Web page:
Gravel cover is a zero-water-use DCM that involves distributing a layer of gravel on an emissive lakebed to protect it from the wind. Gravel protects the bare ground underneath it against wind erosion by substantially reducing the capillary rise of saline groundwater and salt and crust formation. Some areas are covered by 4 inches of gravel, while others are covered by 2 inches, underlain with a permanent permeable geotextile fabric to prevent settling of the gravel. The gravel, which is mined and transported to the site, is required to be of similar color to that of the lakebed soils. The geotextile fabric is a 2.3-mm thick (90 mils) artificial fabric that is permeable to draining and resistant to acids and alkali elements of the soils. To protect the gravel-covered area from flooding, channels and drains are incorporated into the area surrounding the control area.

Tillage with Shallow Flooding Back Up

Tillage is a widely used method for wind erosion control in agricultural and arid regions around the world. It works by roughening the soil surface, rendering it resistant to wind erosion. Tillage also reduces the wind speed at the surface by shear stress partitioning and the creation of turbulent eddies. The roughened surface also provides traps to catch windblown soil particles. Installed tillage is composed of rows and furrows in roughly east to west directions to create maximum surface roughness against high winds predominantly from the north and south. Where existing infrastructure has allowed, tillage has been installed in a serpentine pattern to provide additional protection from all wind directions. If the regulatory erosion threshold or any of the tillage performance requirements are no longer met, maintenance is performed to restore roughness, or Shallow Flooding is implemented as a backup control method.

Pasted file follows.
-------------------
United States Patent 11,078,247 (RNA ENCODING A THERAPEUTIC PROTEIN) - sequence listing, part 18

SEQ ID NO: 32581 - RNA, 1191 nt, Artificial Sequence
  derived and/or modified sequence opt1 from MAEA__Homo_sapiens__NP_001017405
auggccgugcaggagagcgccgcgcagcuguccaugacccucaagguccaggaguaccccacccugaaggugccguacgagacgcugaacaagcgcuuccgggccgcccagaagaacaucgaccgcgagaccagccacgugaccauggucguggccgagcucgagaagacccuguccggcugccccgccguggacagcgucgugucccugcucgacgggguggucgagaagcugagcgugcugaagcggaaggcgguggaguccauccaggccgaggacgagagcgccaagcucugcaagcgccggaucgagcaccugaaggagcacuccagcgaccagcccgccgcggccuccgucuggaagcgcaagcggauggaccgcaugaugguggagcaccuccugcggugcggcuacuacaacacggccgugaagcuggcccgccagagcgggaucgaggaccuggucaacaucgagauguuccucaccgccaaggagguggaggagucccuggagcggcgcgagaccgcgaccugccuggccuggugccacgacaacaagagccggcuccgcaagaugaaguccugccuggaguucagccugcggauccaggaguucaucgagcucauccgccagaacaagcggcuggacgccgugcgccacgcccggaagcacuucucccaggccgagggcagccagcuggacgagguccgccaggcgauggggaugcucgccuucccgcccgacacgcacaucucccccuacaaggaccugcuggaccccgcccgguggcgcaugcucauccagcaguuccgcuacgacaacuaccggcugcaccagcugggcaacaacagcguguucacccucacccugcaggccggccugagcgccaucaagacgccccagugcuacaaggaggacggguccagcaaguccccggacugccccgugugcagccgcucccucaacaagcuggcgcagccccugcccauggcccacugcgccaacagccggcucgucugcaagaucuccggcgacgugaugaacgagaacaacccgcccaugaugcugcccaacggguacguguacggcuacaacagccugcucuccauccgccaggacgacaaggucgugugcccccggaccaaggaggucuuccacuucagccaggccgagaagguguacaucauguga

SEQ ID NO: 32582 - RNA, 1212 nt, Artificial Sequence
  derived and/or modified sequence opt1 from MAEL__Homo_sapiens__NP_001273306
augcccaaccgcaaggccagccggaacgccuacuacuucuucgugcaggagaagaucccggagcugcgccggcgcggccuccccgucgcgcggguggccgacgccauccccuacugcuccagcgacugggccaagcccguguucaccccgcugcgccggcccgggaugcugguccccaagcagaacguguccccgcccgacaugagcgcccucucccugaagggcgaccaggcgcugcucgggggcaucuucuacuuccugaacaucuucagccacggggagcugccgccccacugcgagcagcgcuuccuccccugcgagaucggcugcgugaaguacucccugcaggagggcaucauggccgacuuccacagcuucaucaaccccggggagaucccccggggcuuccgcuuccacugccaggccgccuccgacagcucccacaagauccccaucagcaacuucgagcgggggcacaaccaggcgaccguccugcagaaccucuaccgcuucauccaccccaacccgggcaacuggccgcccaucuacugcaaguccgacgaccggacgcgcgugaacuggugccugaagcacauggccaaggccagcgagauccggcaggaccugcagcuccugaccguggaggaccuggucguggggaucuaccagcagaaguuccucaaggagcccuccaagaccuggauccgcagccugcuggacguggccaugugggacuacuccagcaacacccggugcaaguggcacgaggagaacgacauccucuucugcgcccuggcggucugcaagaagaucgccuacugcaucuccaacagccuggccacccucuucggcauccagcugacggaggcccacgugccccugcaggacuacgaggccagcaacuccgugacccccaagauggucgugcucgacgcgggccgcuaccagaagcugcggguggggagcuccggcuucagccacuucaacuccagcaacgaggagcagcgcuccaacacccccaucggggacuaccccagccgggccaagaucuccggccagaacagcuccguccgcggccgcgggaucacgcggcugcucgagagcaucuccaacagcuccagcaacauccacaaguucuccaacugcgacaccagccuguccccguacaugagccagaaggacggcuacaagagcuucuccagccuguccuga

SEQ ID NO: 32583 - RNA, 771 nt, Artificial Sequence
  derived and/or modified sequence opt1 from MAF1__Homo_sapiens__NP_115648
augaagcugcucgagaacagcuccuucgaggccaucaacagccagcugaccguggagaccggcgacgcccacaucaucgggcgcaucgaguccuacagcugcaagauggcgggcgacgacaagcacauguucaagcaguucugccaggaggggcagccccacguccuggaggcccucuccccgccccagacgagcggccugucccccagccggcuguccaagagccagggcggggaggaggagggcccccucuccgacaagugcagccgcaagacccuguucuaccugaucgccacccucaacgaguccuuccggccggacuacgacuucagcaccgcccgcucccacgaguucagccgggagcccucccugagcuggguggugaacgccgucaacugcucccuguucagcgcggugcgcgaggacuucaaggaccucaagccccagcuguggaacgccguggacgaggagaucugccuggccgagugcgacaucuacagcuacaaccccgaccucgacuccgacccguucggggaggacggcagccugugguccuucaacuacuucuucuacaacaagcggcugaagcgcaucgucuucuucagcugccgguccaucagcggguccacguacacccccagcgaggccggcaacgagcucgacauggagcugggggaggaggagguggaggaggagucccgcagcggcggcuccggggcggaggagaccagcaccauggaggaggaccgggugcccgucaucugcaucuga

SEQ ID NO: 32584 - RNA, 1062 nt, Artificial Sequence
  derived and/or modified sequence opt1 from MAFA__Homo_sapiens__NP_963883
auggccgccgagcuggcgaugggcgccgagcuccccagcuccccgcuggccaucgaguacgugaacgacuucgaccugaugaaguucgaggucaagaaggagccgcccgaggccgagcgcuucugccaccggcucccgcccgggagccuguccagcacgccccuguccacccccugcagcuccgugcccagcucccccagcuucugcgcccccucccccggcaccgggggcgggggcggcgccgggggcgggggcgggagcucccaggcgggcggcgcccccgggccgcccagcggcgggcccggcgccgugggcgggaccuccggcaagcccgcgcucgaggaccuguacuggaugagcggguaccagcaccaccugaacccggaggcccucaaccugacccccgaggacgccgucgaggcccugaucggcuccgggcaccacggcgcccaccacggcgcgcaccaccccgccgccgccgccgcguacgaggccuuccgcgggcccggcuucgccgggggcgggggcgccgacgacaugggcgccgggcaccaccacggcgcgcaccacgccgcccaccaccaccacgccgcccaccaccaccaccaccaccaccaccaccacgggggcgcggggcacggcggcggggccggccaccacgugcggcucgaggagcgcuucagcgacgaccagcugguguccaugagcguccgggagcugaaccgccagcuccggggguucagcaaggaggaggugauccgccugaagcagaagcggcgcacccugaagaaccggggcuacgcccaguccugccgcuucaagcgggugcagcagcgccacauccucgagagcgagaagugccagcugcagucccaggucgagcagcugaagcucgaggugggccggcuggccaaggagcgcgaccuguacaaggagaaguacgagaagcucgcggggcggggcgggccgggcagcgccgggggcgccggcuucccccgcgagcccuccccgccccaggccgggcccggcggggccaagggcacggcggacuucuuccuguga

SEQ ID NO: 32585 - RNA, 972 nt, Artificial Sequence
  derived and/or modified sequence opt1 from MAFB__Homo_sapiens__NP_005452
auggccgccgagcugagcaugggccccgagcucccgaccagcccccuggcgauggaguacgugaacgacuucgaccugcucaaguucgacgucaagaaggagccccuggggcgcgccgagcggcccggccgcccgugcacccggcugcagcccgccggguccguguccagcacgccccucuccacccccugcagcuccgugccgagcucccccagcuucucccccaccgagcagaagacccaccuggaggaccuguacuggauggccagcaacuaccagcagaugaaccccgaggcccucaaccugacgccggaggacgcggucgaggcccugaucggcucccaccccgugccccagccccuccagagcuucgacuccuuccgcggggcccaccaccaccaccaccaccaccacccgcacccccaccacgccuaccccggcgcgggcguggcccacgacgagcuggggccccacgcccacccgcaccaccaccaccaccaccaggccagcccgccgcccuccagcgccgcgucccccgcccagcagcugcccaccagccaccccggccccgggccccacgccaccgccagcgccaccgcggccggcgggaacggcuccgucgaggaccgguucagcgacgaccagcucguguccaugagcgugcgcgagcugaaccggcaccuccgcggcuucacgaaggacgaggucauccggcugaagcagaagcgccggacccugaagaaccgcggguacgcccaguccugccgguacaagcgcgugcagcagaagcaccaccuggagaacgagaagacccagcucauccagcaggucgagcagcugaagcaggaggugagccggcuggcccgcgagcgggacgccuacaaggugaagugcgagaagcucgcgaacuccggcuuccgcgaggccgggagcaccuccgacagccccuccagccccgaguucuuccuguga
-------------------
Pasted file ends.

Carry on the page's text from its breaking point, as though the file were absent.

Managed Vegetation

Managed vegetation on the playa is an effective means to prevent and reduce dust as it decreases both sand motion and soil erosion. In physical terms, the aboveground vegetation acts as a windbreak, which lowers wind velocity at the playa surface and consequentially reduces the sand movement that leads to PM10 generation. Vegetation cover must, on average, have 37% cover across a dust control area, meet levels of uniformity in vegetation distribution for multi-scale grid tests, and be composed of pre-approved, locally adapted, native plants.

Owens Lake Science Advisory Panel 

Established within the 2014 agreement, the Owens Lake Scientific Advisory Panel (OLSAP) reviews scientific issues relating to controlling dust using waterless and low-water use methods, among other related matters.  Staffed by the National Academy of Sciences, the panel provides advice on the reduction of airborne dust in the Owens Valley in California.

In 2020, the OLSAP published a consensus study report on the  Effectiveness and Impacts of Dust Control Measures for Owens Lake.


Water Management at Owens Lake

There are approximately 48.6 square miles of dust control infrastructure spread across the 110 square mile lakebed with operations requiring approximately 60,000 Acre-ft of water annually. That makes Owens Lake the size of Sacramento with enough water used to supply the entire City of Long Beach. As regional and State water supplies continue to be stressed by climate change and drought, Owens Lake policymakers and scientists have concluded to sustainably move forward, dust mitigation must conserve water to the greatest extent possible while maintaining habitat and protecting cultural resources.